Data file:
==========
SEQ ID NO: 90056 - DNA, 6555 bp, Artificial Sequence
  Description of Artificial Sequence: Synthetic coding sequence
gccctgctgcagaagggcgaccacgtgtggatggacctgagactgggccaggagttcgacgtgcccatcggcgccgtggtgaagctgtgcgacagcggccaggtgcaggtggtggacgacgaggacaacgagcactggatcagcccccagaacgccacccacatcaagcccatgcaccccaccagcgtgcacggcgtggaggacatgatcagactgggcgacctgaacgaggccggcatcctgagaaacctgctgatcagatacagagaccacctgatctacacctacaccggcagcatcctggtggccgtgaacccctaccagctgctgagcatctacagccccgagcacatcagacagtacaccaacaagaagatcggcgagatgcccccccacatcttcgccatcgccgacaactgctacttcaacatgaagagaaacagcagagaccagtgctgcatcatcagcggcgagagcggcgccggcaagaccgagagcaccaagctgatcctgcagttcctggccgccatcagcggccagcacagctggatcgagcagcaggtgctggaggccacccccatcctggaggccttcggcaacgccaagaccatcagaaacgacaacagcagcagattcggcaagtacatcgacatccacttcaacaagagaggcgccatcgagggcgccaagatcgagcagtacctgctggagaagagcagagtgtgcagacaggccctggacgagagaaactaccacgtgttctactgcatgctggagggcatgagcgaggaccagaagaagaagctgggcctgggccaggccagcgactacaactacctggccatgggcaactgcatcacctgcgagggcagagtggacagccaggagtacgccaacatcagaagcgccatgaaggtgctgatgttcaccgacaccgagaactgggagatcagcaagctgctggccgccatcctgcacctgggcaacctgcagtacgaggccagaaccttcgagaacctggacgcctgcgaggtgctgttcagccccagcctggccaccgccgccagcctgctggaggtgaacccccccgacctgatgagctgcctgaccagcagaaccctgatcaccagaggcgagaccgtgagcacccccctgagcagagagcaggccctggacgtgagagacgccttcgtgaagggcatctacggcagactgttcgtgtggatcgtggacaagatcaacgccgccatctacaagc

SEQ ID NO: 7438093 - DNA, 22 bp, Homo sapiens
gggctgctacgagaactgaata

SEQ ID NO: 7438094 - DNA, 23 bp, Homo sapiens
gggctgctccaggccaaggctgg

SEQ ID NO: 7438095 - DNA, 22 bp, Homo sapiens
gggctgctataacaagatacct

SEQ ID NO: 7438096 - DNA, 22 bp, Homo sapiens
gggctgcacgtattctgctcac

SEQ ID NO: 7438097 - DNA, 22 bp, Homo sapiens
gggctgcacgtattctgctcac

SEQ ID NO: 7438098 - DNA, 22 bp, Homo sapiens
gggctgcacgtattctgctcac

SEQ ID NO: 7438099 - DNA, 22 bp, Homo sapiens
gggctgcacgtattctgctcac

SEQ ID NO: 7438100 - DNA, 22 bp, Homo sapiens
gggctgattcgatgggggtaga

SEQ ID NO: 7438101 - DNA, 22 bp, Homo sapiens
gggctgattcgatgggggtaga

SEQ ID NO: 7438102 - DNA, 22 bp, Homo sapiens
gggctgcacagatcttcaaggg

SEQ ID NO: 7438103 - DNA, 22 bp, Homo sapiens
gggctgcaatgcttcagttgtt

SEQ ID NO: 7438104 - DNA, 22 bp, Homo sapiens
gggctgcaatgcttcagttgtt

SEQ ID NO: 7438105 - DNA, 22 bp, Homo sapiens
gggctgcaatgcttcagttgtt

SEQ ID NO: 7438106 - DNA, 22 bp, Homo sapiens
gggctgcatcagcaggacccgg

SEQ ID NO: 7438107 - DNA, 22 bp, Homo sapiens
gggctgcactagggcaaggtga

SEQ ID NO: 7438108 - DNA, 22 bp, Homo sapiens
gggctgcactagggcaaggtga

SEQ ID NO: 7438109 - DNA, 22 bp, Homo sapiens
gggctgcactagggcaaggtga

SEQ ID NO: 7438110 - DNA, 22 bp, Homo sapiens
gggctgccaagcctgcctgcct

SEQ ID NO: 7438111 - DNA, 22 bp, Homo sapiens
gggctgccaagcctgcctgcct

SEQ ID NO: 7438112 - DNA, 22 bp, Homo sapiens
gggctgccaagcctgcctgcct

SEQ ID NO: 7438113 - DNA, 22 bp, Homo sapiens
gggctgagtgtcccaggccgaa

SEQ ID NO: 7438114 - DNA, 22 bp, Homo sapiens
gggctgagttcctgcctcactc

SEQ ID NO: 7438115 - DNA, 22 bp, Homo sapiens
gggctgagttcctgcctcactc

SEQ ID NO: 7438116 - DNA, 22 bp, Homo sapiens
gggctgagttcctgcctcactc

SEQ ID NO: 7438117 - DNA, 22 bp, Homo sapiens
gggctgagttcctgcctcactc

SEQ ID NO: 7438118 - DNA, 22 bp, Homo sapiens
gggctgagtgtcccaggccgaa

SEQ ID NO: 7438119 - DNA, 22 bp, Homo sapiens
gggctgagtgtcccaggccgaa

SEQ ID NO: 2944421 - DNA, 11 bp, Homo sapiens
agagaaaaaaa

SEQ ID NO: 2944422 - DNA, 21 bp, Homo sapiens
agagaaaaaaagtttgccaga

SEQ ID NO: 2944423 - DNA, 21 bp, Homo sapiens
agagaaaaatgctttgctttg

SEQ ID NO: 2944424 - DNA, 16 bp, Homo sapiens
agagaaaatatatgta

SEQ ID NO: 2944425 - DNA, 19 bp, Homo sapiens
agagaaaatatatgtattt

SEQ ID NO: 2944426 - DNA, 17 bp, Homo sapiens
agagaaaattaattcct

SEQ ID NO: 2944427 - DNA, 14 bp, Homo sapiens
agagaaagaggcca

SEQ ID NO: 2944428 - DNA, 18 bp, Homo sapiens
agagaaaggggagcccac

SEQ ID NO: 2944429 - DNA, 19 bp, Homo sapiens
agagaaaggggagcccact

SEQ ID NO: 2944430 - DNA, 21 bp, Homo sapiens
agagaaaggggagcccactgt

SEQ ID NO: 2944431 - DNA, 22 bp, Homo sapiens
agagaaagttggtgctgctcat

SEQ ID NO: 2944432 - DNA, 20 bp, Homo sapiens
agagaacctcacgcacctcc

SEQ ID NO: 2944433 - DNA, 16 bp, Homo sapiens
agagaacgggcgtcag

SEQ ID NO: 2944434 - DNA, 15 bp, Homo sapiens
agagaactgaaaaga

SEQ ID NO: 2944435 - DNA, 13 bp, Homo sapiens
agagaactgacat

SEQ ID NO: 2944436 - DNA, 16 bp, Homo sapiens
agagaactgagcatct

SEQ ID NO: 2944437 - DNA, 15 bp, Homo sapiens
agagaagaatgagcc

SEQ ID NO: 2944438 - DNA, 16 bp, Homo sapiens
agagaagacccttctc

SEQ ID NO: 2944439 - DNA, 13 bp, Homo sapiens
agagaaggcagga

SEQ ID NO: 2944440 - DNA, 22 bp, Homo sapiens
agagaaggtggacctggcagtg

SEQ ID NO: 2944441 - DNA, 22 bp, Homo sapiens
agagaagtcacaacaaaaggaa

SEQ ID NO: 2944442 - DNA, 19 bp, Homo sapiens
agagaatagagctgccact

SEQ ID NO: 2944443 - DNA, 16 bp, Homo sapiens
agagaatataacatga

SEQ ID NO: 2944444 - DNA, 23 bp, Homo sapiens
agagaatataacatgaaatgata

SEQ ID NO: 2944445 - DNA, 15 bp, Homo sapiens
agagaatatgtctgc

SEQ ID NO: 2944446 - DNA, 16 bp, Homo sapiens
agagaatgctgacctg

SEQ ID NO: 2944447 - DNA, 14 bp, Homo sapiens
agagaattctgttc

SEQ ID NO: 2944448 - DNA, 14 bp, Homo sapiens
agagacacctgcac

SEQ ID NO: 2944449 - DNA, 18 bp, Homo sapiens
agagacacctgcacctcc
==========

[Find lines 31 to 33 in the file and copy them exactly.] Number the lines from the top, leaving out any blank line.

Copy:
gggctgcatcagcaggacccgg

SEQ ID NO: 7438107 - DNA, 22 bp, Homo sapiens
gggctgcactagggcaaggtga